• Why would it trouble some that time has passed and followers of the Lord have taken the Lord Supper, but have not given on the first day of the week? First, the instructions… We have an example of saints assembling on the first day of the week and breaking bread (Acts 20:7). Thus, they followed instructions given by the Apostles (cf. I Corinthians 11:16-34). There is also an instruction that authorizes a collection on the first day of the week (I Corinthians 16:1-4). So, this would bring about some honest questions. The Old Testament principle (which only serves as an example to learn from and not a standard of authority - Romans 15:4) of not giving being robbing God would cause concern for souls (Malachi 3:8). Aside from the instructions of God, could there also be other good reasons for the questions?
  • If a Christian is not giving at all, could there be concern that they aren’t doing well financially (James 2:14-17)? A family of four at that! This does require some judgment by sight (I John 3:14-18). As stated earlier, such judgment could be flawed. One would have to get the whole story (Proverbs 18:13). That would be through inquiry.
  • If it is a matter of them not giving as they should, how could that be ignored once noticed and confirmed (cf. Acts 5:1-11)?
  • Once this becomes a spiritual concern, whether members of the congregation or not, it is good to address it as souls could be at stake (Galatians 6:1-2 and James 5:19-20).
  • The Statement That is Made: As the answer comes about, the language used in I Corinthians 16:1-2 needs addressed. If one does not believe this is a weekly requirement, why do they partake of the Lord’s Supper on a weekly basis?
  • The word translated “prospered him” means: “To help on the road, i.e. (passively) succeed in reaching; figuratively, to succeed in business affairs: — (have a) prosper(-ous journey). To grant a prosperous and expeditious journey, to lead by a direct and easy way; to grant a successful issue, to cause to prosper; to prosper, be successful” (Strong’s # 2137). This can turn into a long debate as you start defining words. Caution needs applied there (II Timothy 2:14-18).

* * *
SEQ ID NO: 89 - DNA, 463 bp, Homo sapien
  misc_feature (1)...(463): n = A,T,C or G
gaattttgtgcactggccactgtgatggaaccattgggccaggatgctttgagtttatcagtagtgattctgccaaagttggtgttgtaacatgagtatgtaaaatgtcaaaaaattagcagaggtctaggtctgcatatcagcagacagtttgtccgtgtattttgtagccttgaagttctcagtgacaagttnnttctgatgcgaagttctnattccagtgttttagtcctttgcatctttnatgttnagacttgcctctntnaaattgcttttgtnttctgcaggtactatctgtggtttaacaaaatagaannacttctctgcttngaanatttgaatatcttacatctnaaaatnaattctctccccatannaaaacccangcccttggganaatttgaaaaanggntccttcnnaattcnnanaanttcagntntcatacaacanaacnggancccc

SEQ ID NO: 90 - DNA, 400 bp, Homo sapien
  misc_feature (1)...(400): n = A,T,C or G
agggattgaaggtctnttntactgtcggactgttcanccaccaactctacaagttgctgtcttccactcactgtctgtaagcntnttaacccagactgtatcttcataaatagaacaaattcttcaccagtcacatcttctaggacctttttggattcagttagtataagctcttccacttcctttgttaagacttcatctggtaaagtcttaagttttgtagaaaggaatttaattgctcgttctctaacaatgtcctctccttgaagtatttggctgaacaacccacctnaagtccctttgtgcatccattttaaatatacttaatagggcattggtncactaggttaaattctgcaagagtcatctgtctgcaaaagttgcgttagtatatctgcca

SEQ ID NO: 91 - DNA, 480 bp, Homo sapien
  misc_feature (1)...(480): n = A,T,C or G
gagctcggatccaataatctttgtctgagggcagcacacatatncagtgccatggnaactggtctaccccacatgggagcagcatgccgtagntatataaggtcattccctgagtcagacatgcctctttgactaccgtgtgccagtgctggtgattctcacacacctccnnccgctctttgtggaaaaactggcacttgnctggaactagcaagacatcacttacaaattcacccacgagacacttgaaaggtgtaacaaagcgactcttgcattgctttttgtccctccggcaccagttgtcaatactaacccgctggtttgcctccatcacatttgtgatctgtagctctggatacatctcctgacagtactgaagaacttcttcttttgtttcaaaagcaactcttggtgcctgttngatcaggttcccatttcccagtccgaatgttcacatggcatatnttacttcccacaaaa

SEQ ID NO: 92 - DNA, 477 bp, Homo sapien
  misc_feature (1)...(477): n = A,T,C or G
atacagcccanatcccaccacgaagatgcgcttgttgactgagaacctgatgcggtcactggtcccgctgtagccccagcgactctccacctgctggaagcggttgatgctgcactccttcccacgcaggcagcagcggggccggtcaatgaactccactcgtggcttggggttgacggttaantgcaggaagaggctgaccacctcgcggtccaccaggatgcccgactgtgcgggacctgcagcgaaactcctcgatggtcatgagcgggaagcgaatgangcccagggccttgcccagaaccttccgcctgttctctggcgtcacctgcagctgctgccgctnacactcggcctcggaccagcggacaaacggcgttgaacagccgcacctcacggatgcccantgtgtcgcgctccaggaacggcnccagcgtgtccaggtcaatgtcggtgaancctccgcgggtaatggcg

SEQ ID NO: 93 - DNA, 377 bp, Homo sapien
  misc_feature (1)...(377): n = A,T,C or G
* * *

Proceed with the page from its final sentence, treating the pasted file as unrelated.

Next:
• Does his argument hold water (Mark 12:41-44)? When you go and read the second instruction to Corinth about the collection, do you find such reasoning used therein (II Corinthians 8:1-9:13)? NO!!!!!
  • What this person does aside from the assembly is not under discussion. There is no authority to substitute the instruction in I Corinthians 16:1-4 with some other form of supporting the Lord’s work! He is right, what he does in such a manner is between he and the Lord (Matthew 6:1-4).
  • Having said that, I would inquire what he believes the “Lord’s work” is without specifically asking what/who he gives to. The reason I would question this is that it is a common error for people to send monies to human organizations (i.e. orphan homes) to do the work that God instructed saints to do personally (James 1:21-27). Also, he could be giving out money to those whom he should not be doing such. The fact that he has a lot to learn may mean he has not been taught such passages as II Thessalonians 3:10 and such.
  • A Later Statement Is Made: While what has been said is troubling, this is even more troubling. It is a misunderstanding of fellowship. How can one partake of the Lord’s Supper, which is fellowship (I Corinthians 10:16-17); and yet question the faithfulness of the saints? How does that add up with them wanting to join the congregation???
  • I am NOT saying he should not test the congregation. That is right (Proverbs 14:15, Isaiah 8:20, Amos 3:3, I Thessalonians 5:21, and I John 4:1)! You cannot be part of a congregation that is not faithful and be right in the sight of God (I Corinthians 1:10, II John 1:6-11, and Revelation 2:14-16).
  • The problem is the inconsistency; the hypocrisy (Matthew 23:1-5 and Romans 2:19-24).
  • Secondly, the idea of “giving to the congregation” is problematic. Is it just a wording matter? Does this man not understand that you give unto God (Proverbs 3:9 and II Corinthians 9:7)?
  • For more on giving, consider a previous study in the discernment class series:
  • Hopefully, this man will correct his thinking. Hopefully, he will continue to be willing to learn as the pattern of his behavior had been up to this point (Proverbs 25:12). If not, that will certainly hinder the future regarding fellowship with these individuals (Philippians 2:2; 3:16).